SSip SSS 

ai“r “ ssss 


package or restrictive monetary tmyiwv - - point at 815250; the trade-weightea October election. 

-l^”u .0 o 7 o, * , 

strate the G ° v ®^ n “ ex J} s s Budget drafls 10 between 11 “ d 1 ^ K The original ^mention ke ?p ‘the public sector borrowing 

-i e reimposition of the corset -n^u*-* S !»^£V.5^^ J 

SSd ll Slcfn e eTsupply°ta?|eL e “ ^lendreg Vo^lhVp^soSaKseStor. fiscal action was ^change of onginal Budget 

The package comprises: The M 5| , ^j£ m S t ired e f£S ^But Ministers hav« decided to *‘ Th % ise } n the surcharge will : 

0 A one-point rise in Minimum measures had the desir d produce a wide-rangi ns package T ' D sed to the Commons 

Lending Rate to 10 per cent, the m the ^ e r i . r ra D e iJ Sow before domestic monetary ^ P rop ^ ed ^ ™e Me ans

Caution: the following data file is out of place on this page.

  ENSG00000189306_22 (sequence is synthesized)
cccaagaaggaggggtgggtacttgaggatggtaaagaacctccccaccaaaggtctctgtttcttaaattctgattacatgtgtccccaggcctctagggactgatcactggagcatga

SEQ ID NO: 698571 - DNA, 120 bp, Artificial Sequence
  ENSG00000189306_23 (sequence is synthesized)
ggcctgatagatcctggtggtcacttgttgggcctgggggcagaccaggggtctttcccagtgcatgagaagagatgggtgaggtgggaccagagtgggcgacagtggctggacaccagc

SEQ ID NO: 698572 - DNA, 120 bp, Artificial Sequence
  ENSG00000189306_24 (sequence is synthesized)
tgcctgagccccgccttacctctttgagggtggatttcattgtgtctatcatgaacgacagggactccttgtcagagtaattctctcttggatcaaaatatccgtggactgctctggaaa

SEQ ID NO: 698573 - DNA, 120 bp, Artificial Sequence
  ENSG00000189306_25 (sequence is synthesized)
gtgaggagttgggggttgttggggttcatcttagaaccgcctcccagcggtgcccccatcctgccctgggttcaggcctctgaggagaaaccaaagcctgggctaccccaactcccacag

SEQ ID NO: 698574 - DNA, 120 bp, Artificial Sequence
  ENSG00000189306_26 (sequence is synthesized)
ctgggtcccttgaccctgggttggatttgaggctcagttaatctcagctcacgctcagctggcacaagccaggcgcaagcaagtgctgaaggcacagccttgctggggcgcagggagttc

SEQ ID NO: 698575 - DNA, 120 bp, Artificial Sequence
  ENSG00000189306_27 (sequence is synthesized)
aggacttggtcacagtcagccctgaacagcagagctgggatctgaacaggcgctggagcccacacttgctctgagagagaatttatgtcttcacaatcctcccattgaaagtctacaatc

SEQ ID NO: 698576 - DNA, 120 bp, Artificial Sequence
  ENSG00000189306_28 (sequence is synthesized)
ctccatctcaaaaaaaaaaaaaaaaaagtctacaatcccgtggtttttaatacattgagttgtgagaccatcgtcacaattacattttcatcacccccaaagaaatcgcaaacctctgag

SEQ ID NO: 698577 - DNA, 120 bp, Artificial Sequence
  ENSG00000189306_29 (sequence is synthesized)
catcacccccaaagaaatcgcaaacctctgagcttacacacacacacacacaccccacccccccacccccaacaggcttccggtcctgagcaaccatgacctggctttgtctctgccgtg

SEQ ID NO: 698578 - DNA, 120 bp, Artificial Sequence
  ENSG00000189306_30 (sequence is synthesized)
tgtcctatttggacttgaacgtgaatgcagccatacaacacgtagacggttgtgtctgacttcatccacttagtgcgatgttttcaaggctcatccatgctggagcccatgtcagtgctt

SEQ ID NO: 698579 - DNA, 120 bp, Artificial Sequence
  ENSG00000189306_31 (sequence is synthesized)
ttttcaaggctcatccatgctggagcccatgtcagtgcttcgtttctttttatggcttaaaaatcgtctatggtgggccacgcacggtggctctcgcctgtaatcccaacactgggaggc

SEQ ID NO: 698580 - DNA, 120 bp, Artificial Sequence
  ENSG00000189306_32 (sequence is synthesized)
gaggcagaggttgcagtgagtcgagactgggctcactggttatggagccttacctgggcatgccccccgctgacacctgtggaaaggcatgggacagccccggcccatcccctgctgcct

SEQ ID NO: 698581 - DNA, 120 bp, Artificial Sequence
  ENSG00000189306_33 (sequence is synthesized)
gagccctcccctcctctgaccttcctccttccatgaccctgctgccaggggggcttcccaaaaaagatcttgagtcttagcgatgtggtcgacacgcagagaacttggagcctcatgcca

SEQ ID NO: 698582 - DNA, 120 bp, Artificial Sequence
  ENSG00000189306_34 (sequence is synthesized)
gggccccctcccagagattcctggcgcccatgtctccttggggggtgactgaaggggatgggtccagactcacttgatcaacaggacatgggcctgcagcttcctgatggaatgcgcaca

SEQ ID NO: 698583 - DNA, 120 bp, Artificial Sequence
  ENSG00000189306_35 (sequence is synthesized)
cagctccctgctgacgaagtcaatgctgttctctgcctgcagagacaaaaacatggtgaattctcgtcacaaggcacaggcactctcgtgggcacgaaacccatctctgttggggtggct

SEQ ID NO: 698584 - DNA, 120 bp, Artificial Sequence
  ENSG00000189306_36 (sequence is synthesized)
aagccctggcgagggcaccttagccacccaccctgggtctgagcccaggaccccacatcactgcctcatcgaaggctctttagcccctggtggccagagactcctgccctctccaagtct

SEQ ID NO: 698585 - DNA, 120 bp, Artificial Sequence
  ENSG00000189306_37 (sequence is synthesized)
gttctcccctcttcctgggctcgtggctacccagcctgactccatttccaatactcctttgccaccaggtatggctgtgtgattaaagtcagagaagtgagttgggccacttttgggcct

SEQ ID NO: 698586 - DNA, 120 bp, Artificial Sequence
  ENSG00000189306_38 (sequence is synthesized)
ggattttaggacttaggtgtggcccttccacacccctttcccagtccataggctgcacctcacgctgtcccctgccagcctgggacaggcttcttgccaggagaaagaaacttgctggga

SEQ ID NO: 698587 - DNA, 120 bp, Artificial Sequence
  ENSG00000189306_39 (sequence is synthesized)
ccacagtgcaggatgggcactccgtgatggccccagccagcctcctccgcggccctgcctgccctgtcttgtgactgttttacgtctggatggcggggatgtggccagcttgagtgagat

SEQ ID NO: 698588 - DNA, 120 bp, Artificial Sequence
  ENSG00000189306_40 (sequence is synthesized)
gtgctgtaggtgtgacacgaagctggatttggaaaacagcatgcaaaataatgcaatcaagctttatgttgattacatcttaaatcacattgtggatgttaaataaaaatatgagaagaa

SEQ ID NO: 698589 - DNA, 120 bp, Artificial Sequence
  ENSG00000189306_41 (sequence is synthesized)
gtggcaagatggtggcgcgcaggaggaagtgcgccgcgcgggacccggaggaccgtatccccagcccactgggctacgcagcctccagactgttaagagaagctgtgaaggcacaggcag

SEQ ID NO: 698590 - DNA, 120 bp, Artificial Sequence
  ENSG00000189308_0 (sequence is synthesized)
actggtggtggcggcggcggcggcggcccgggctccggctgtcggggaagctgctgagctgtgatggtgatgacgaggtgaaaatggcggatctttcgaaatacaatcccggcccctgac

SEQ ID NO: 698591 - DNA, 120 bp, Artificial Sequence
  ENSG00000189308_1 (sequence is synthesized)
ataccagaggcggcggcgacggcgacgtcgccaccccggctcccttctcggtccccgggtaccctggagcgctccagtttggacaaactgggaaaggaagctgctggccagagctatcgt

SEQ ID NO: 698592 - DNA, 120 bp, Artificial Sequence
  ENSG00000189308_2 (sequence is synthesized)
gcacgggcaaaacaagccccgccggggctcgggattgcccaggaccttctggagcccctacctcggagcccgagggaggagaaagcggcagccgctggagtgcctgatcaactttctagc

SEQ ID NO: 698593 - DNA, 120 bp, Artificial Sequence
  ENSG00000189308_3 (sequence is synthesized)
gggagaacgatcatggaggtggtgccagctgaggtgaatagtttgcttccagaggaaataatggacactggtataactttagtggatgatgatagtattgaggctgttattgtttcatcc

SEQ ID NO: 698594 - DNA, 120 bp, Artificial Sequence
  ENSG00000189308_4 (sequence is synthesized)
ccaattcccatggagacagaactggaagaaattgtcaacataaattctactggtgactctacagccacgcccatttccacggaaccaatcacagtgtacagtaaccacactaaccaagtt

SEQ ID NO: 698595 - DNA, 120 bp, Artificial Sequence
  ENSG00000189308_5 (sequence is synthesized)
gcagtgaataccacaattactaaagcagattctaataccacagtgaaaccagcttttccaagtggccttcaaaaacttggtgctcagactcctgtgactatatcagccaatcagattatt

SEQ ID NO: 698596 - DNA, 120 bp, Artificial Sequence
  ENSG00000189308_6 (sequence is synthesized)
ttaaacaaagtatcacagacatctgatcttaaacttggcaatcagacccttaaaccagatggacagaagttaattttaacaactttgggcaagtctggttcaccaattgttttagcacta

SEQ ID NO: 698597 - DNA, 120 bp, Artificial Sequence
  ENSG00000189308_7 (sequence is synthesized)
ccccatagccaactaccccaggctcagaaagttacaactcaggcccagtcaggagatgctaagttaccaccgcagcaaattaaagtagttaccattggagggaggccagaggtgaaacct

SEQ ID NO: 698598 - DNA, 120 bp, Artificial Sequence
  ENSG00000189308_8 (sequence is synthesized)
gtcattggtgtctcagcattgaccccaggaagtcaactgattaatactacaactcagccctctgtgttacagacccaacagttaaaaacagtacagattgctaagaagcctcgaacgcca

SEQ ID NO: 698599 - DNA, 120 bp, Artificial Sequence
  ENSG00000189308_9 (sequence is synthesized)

first change since the market- government broker s as aDie no ^ l0 further pressure Jhor flyj* * new c!au se 

related Formula was abandonded to sel both e^Un, nj^ ^ QQ sterling . Jo the Finance Bill. It will 

a fortnight ago; ™ a ^f in current finan- The measures merely offset the revenue lost on 

O The reactivation or the so- "JJf JJJJf n provide as Juli a: P**role t the additional income tax rebels 

called corset controls on the cl ^ h 5 g niarlset estimated that reassurance to the. ark. t ^ ^ ^ comiQg financial year, 
expansion of the banks interest £400qi wa s sold yesterday ‘S^b^non-monr.arisis, in- Thc impact is ranch greater 

bearing deposits in order to aQd brokers would not be sur- crihcisea ny . v.'hiteball. as in a fu u financial year when the